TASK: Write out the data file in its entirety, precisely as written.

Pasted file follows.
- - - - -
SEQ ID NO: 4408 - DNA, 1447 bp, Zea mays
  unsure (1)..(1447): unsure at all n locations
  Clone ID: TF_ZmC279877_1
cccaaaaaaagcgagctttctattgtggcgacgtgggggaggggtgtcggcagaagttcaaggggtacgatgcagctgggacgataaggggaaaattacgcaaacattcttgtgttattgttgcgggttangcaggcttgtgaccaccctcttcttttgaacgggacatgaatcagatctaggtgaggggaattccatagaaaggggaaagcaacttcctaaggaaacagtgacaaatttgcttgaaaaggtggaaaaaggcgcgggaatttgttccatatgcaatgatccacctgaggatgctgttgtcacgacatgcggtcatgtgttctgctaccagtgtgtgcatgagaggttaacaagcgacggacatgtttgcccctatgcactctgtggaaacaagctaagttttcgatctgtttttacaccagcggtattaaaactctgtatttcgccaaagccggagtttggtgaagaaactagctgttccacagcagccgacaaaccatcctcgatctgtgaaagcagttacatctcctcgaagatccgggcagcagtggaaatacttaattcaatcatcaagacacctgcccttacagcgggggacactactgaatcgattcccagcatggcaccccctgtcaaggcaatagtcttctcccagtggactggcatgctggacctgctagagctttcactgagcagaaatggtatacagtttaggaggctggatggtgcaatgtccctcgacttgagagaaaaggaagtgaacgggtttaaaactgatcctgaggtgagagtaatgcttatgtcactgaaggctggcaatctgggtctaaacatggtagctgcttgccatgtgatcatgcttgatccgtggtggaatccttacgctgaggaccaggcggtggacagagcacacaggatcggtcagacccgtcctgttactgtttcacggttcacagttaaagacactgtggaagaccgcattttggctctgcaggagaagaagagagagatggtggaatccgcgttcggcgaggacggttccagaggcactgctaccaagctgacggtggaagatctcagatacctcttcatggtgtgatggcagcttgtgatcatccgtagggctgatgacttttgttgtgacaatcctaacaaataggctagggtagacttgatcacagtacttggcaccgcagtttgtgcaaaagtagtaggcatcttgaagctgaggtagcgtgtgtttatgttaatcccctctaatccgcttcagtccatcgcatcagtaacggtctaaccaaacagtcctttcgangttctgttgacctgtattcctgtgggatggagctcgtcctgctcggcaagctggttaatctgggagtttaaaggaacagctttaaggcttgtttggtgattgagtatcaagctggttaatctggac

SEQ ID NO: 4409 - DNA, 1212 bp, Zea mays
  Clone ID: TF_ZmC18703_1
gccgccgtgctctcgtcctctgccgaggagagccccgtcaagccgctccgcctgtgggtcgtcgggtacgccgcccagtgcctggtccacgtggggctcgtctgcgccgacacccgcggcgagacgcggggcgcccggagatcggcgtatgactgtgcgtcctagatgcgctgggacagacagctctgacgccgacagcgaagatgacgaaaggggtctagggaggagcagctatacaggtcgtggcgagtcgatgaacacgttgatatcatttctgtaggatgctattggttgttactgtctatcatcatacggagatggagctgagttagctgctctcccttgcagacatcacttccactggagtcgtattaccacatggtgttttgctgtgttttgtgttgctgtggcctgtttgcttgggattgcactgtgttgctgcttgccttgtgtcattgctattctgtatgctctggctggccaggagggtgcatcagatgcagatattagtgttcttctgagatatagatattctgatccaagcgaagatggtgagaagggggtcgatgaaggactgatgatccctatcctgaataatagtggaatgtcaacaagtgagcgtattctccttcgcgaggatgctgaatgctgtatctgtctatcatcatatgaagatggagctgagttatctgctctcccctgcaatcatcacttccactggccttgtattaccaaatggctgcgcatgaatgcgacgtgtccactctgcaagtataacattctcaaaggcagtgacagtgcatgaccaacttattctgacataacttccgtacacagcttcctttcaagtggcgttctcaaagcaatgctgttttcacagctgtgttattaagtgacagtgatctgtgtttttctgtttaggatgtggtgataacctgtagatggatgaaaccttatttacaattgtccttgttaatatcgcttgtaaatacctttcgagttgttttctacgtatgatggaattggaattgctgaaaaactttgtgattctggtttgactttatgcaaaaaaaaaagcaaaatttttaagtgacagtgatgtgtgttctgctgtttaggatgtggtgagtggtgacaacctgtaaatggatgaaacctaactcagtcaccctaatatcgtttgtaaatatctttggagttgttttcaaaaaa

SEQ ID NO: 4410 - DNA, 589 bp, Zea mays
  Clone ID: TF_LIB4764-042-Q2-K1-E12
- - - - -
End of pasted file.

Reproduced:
SEQ ID NO: 4408 - DNA, 1447 bp, Zea mays
  unsure (1)..(1447): unsure at all n locations
  Clone ID: TF_ZmC279877_1
cccaaaaaaagcgagctttctattgtggcgacgtgggggaggggtgtcggcagaagttcaaggggtacgatgcagctgggacgataaggggaaaattacgcaaacattcttgtgttattgttgcgggttangcaggcttgtgaccaccctcttcttttgaacgggacatgaatcagatctaggtgaggggaattccatagaaaggggaaagcaacttcctaaggaaacagtgacaaatttgcttgaaaaggtggaaaaaggcgcgggaatttgttccatatgcaatgatccacctgaggatgctgttgtcacgacatgcggtcatgtgttctgctaccagtgtgtgcatgagaggttaacaagcgacggacatgtttgcccctatgcactctgtggaaacaagctaagttttcgatctgtttttacaccagcggtattaaaactctgtatttcgccaaagccggagtttggtgaagaaactagctgttccacagcagccgacaaaccatcctcgatctgtgaaagcagttacatctcctcgaagatccgggcagcagtggaaatacttaattcaatcatcaagacacctgcccttacagcgggggacactactgaatcgattcccagcatggcaccccctgtcaaggcaatagtcttctcccagtggactggcatgctggacctgctagagctttcactgagcagaaatggtatacagtttaggaggctggatggtgcaatgtccctcgacttgagagaaaaggaagtgaacgggtttaaaactgatcctgaggtgagagtaatgcttatgtcactgaaggctggcaatctgggtctaaacatggtagctgcttgccatgtgatcatgcttgatccgtggtggaatccttacgctgaggaccaggcggtggacagagcacacaggatcggtcagacccgtcctgttactgtttcacggttcacagttaaagacactgtggaagaccgcattttggctctgcaggagaagaagagagagatggtggaatccgcgttcggcgaggacggttccagaggcactgctaccaagctgacggtggaagatctcagatacctcttcatggtgtgatggcagcttgtgatcatccgtagggctgatgacttttgttgtgacaatcctaacaaataggctagggtagacttgatcacagtacttggcaccgcagtttgtgcaaaagtagtaggcatcttgaagctgaggtagcgtgtgtttatgttaatcccctctaatccgcttcagtccatcgcatcagtaacggtctaaccaaacagtcctttcgangttctgttgacctgtattcctgtgggatggagctcgtcctgctcggcaagctggttaatctgggagtttaaaggaacagctttaaggcttgtttggtgattgagtatcaagctggttaatctggac

SEQ ID NO: 4409 - DNA, 1212 bp, Zea mays
  Clone ID: TF_ZmC18703_1
gccgccgtgctctcgtcctctgccgaggagagccccgtcaagccgctccgcctgtgggtcgtcgggtacgccgcccagtgcctggtccacgtggggctcgtctgcgccgacacccgcggcgagacgcggggcgcccggagatcggcgtatgactgtgcgtcctagatgcgctgggacagacagctctgacgccgacagcgaagatgacgaaaggggtctagggaggagcagctatacaggtcgtggcgagtcgatgaacacgttgatatcatttctgtaggatgctattggttgttactgtctatcatcatacggagatggagctgagttagctgctctcccttgcagacatcacttccactggagtcgtattaccacatggtgttttgctgtgttttgtgttgctgtggcctgtttgcttgggattgcactgtgttgctgcttgccttgtgtcattgctattctgtatgctctggctggccaggagggtgcatcagatgcagatattagtgttcttctgagatatagatattctgatccaagcgaagatggtgagaagggggtcgatgaaggactgatgatccctatcctgaataatagtggaatgtcaacaagtgagcgtattctccttcgcgaggatgctgaatgctgtatctgtctatcatcatatgaagatggagctgagttatctgctctcccctgcaatcatcacttccactggccttgtattaccaaatggctgcgcatgaatgcgacgtgtccactctgcaagtataacattctcaaaggcagtgacagtgcatgaccaacttattctgacataacttccgtacacagcttcctttcaagtggcgttctcaaagcaatgctgttttcacagctgtgttattaagtgacagtgatctgtgtttttctgtttaggatgtggtgataacctgtagatggatgaaaccttatttacaattgtccttgttaatatcgcttgtaaatacctttcgagttgttttctacgtatgatggaattggaattgctgaaaaactttgtgattctggtttgactttatgcaaaaaaaaaagcaaaatttttaagtgacagtgatgtgtgttctgctgtttaggatgtggtgagtggtgacaacctgtaaatggatgaaacctaactcagtcaccctaatatcgtttgtaaatatctttggagttgttttcaaaaaa

SEQ ID NO: 4410 - DNA, 589 bp, Zea mays
  Clone ID: TF_LIB4764-042-Q2-K1-E12